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Manometer vs. Piezometer: What's the Difference?

Edited by Aimie Carlson || By Janet White || Published on January 5, 2024
A manometer measures pressure difference between two fluids, often using a U-shaped tube, while a piezometer measures fluid pressure in a system, typically groundwater level in a single point.

Key Differences

Manometers and piezometers are both devices used to measure fluid pressures, but they function in different ways and are used in different contexts. A manometer is typically a U-shaped tube filled with a fluid, often mercury or colored water. It measures the pressure difference between two points in a system, which can be a gas or liquid. The pressure is indicated by the difference in fluid levels in the two arms of the U-tube. Conversely, a piezometer is designed to measure the pressure at a single point within a fluid, usually water. It is often used in geotechnical engineering to measure the water pressure in the ground, which is essential for assessing soil conditions and groundwater levels.
The design of a manometer allows it to be very versatile and accurate for a range of pressure measurements. Manometers can be used in laboratory settings, HVAC systems, and industrial processes. Their design varies from simple U-tubes to more complex configurations for specific applications. In contrast, piezometers are simpler in design, consisting of a tube installed in the ground or a water-bearing formation. They are specifically designed to measure the hydrostatic pressure within a fluid, making them invaluable in fields like hydrology, civil engineering, and environmental science.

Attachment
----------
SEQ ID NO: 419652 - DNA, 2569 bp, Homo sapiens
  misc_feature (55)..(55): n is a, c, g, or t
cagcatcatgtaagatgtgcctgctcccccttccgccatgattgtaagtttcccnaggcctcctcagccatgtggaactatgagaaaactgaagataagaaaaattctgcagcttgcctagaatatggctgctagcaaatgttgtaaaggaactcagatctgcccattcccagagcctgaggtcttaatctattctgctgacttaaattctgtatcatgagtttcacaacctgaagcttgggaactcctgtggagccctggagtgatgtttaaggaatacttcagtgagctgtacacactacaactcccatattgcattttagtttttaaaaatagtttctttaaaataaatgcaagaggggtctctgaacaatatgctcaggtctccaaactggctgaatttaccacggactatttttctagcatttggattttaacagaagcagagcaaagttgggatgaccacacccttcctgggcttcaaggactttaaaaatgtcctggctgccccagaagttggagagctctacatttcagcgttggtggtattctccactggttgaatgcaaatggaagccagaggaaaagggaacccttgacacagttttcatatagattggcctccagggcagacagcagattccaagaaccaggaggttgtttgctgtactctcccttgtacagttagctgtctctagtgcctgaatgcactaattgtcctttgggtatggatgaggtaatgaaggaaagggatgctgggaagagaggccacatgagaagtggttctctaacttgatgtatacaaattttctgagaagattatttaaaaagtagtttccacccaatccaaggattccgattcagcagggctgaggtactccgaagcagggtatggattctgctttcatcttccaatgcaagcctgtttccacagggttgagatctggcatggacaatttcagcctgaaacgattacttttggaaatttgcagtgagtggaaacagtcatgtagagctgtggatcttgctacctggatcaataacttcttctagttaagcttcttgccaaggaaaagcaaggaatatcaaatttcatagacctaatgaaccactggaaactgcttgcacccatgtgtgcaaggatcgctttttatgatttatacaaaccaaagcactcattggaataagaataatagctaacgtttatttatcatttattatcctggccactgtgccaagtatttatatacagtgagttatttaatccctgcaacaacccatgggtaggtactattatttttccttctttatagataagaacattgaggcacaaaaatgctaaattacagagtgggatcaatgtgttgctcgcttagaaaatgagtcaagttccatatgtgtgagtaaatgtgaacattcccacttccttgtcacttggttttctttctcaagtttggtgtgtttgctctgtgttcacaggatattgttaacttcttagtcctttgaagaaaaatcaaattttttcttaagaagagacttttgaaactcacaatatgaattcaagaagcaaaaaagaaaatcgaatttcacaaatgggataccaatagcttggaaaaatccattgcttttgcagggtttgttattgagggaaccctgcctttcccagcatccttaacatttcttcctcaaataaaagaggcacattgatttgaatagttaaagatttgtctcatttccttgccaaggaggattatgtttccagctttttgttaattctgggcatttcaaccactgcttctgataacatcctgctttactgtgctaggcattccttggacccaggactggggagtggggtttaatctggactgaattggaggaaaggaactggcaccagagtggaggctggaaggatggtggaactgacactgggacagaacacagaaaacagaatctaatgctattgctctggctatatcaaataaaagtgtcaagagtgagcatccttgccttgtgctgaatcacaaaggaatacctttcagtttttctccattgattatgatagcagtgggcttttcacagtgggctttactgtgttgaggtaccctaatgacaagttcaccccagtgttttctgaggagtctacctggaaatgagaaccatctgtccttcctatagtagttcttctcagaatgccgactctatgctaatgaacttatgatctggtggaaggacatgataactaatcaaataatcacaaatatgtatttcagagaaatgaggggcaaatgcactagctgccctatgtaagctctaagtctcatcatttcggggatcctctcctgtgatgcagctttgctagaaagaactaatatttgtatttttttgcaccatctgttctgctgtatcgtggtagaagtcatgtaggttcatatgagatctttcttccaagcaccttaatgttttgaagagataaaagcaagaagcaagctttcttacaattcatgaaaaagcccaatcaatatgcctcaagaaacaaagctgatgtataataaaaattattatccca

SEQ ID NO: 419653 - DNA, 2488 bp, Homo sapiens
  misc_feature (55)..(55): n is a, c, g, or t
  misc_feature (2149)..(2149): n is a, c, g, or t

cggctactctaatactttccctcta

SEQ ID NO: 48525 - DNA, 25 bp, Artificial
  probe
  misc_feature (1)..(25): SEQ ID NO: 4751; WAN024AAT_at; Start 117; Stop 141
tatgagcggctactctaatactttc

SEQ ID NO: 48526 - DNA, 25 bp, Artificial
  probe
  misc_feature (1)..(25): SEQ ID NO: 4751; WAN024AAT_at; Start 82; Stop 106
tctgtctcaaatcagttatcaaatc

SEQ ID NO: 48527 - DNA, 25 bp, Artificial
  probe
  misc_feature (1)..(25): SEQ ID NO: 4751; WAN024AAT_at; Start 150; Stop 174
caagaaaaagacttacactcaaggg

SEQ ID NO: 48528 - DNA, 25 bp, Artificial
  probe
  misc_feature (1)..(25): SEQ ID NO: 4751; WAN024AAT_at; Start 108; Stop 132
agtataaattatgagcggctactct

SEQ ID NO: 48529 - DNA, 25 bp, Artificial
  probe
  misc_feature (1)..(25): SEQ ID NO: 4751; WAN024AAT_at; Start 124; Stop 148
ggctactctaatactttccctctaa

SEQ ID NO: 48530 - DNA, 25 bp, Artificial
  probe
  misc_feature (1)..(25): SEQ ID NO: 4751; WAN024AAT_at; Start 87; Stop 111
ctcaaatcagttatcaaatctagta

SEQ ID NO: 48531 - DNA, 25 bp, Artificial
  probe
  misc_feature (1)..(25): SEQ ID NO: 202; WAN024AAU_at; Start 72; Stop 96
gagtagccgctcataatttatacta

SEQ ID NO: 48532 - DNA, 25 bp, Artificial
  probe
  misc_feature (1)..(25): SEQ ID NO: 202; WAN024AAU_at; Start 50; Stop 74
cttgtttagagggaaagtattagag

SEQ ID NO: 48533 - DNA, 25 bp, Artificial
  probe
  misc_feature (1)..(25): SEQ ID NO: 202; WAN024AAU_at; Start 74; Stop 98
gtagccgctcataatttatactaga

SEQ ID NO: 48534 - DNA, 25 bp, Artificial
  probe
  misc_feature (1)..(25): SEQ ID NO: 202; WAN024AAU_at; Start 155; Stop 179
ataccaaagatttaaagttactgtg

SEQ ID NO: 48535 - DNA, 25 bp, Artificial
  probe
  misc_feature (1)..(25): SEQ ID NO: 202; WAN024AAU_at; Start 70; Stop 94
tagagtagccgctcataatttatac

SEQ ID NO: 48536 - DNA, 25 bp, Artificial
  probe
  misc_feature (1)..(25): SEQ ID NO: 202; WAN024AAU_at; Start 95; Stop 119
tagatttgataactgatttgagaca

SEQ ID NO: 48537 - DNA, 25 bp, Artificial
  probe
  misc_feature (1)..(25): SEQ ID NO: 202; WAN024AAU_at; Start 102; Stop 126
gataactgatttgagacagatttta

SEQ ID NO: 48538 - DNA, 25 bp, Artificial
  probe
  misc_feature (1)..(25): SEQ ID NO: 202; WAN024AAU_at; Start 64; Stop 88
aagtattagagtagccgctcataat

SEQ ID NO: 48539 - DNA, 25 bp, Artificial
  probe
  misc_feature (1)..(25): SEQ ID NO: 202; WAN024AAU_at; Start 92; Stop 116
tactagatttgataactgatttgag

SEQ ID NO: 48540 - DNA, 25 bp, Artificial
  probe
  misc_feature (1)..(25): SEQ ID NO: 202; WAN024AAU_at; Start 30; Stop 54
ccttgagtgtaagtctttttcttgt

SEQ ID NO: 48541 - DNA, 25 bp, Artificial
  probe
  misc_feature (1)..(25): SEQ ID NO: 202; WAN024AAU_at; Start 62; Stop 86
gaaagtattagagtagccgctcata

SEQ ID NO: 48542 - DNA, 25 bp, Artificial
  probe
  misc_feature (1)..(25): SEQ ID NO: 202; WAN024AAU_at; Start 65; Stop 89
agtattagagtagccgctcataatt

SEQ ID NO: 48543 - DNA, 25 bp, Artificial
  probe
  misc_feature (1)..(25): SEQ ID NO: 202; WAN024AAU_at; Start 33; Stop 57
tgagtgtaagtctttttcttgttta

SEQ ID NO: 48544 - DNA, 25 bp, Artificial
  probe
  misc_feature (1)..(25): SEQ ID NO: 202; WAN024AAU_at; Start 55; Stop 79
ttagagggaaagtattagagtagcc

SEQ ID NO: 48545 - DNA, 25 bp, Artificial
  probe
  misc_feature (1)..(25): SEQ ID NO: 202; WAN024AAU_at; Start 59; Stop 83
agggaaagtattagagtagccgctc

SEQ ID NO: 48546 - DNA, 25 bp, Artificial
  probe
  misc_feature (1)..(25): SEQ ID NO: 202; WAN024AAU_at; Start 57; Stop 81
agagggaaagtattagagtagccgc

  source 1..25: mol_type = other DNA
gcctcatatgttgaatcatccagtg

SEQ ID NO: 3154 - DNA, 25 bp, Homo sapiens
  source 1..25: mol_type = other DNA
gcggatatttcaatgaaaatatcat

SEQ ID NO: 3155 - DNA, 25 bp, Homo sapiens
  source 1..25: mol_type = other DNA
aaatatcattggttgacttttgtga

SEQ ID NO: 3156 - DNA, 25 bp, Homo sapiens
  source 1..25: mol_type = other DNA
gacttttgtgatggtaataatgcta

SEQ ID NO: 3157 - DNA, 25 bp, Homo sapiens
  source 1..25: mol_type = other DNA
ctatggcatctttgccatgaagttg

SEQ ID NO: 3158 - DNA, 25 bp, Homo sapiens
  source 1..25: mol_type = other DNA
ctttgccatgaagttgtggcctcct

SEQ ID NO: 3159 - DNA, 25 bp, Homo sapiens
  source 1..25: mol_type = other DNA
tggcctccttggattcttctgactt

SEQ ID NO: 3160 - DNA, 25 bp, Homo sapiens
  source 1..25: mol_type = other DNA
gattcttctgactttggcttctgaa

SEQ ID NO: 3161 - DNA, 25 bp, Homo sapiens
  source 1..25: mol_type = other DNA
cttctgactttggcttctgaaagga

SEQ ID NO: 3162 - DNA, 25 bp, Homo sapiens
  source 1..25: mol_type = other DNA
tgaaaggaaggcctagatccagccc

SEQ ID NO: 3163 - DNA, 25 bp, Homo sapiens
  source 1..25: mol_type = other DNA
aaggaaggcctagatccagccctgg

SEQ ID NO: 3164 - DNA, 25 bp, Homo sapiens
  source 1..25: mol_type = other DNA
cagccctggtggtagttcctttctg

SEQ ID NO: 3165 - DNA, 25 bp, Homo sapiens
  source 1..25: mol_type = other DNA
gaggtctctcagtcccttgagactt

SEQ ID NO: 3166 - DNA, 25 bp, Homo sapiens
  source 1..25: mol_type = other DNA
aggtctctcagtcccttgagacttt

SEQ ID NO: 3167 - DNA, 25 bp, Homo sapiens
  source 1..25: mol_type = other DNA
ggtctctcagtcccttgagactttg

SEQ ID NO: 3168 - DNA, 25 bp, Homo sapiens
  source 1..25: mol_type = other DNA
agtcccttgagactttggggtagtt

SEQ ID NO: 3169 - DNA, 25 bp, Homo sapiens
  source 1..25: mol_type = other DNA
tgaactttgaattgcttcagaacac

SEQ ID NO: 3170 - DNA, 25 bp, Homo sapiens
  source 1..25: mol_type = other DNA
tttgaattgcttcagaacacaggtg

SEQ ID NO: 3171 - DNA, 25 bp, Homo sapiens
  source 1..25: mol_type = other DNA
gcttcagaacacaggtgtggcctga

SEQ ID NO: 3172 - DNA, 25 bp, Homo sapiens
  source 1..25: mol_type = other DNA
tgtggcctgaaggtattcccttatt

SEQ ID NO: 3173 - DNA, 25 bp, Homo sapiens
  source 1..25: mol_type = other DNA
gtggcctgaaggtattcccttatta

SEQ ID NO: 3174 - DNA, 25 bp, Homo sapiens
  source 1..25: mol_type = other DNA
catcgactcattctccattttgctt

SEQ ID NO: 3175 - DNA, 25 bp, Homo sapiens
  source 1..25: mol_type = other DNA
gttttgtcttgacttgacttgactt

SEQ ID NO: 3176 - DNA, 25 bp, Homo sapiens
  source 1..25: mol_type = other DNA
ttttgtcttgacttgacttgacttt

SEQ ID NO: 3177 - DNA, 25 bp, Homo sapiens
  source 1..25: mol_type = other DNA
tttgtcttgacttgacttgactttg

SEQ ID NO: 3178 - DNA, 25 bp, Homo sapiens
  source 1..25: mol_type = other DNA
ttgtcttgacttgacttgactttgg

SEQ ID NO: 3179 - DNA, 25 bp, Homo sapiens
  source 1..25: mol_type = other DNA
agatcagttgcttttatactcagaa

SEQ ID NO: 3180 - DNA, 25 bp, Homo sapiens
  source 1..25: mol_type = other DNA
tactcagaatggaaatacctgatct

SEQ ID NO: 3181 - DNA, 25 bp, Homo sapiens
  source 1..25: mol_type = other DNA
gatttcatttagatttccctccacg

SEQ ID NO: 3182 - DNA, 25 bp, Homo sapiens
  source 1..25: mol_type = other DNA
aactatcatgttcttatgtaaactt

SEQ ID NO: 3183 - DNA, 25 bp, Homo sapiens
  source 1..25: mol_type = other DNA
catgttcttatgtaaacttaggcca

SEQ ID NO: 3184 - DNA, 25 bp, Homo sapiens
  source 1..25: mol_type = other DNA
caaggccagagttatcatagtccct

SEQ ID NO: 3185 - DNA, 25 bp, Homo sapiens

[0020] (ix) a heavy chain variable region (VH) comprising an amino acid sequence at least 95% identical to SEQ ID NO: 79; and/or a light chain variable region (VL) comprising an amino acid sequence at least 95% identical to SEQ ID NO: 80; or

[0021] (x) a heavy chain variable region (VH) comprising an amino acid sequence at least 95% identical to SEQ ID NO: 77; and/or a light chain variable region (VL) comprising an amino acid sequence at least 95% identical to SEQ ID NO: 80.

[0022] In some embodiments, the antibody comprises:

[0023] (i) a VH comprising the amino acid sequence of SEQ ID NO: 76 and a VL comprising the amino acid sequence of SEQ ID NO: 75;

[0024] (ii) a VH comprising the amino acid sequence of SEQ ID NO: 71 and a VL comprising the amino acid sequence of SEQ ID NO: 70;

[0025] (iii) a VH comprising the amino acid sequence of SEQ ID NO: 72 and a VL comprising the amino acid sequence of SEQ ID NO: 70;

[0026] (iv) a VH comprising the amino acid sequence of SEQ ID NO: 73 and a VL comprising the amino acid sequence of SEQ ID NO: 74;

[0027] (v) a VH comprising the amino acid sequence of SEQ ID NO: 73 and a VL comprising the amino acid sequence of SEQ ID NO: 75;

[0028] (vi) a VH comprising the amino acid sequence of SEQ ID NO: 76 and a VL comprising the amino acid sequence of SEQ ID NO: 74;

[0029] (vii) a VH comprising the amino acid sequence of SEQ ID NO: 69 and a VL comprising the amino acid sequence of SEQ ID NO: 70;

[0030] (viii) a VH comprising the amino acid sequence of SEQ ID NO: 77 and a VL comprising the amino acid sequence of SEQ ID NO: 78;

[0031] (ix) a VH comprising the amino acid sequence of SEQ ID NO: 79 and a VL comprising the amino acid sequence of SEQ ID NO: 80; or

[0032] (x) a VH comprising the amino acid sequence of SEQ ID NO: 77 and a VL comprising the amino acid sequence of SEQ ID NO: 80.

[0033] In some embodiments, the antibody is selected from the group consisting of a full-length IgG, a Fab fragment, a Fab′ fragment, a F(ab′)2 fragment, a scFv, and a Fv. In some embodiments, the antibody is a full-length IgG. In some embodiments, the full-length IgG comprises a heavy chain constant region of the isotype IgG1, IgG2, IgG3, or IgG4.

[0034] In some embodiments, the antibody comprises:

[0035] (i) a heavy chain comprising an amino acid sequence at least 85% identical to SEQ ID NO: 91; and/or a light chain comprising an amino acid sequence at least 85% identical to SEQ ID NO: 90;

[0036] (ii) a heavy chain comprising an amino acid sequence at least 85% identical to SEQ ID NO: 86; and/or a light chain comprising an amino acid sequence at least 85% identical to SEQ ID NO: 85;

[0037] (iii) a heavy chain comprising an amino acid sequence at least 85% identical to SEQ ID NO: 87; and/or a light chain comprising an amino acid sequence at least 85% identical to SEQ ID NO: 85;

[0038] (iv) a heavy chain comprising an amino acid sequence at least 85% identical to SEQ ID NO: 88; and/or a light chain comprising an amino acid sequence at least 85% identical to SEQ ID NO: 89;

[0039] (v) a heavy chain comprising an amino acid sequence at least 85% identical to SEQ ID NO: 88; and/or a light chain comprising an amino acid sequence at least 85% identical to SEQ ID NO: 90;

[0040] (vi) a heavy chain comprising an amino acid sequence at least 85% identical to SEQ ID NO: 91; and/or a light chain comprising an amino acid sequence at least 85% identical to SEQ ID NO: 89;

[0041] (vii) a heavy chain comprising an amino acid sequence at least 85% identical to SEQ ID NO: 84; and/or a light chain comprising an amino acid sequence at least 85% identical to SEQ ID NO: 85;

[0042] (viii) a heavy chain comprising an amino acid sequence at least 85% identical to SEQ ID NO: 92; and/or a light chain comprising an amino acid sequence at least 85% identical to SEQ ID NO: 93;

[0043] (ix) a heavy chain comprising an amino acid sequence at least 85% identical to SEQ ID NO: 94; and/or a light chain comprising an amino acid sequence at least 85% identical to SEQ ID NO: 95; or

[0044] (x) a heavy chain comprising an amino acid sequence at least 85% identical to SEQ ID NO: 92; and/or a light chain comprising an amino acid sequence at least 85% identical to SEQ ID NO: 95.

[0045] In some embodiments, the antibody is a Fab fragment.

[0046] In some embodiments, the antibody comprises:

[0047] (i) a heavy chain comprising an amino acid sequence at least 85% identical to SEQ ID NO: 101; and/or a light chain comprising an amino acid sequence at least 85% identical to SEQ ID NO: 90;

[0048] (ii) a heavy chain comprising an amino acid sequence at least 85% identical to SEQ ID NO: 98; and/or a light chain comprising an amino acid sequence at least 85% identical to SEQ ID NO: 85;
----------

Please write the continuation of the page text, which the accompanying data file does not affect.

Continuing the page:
Manometers provide a visual representation of pressure differences, making them intuitive to use. The height difference of the fluid in the U-tube correlates directly to the pressure difference. This makes manometers particularly useful for applications where real-time monitoring and precise measurements are required. On the other hand, piezometers are typically used where only the pressure at a single point is of interest. They are essential for monitoring groundwater levels, assessing the stability of slopes and embankments, and evaluating the effectiveness of dewatering systems in construction sites.
In terms of operation, manometers can be more sensitive to changes in pressure and can measure both positive and negative pressures (relative to atmospheric pressure). This makes them suitable for a wide range of applications, including testing and calibration of pressure devices. Piezometers, however, are generally used only to measure positive pressure and are most effective in environments where fluid pressure within a material, like soil or rock, needs to be assessed. They are less versatile than manometers but are crucial in their specific field of application.

Comparison Chart

Measurement Focus

Pressure differences in fluids
Static pressure or hydraulic head in fluids


U-shaped tubes with fluid
Simple tubes inserted into fluid

Measurement Technique

Based on fluid column height differences
Direct measurement at a single point

Primary Applications

Gas or liquid pressure in various fields
Groundwater levels, soil pressure in geotechnical uses


High accuracy in differential pressure
Accurate in static pressure readings

Manometer and Piezometer Definitions


Fluid Column Gauge.
A manometer's fluid levels indicated a pressure imbalance.


Single-Point Pressure Checker.
The piezometer provided exact pressure readings at a specific depth.


Differential Pressure Indicator.
Differential pressure in the system was measured by a manometer.


Fluid Pressure Gauge.
A piezometer was used to measure static pressure in the soil.


U-Shaped Tube Instrument.
The manometer's U-shaped tube showed clear fluid displacement.


Groundwater Level Detector.
Piezometers are essential for assessing groundwater levels in geological studies.


Pressure Measurement Device.
The technician used a manometer to check the gas pressure.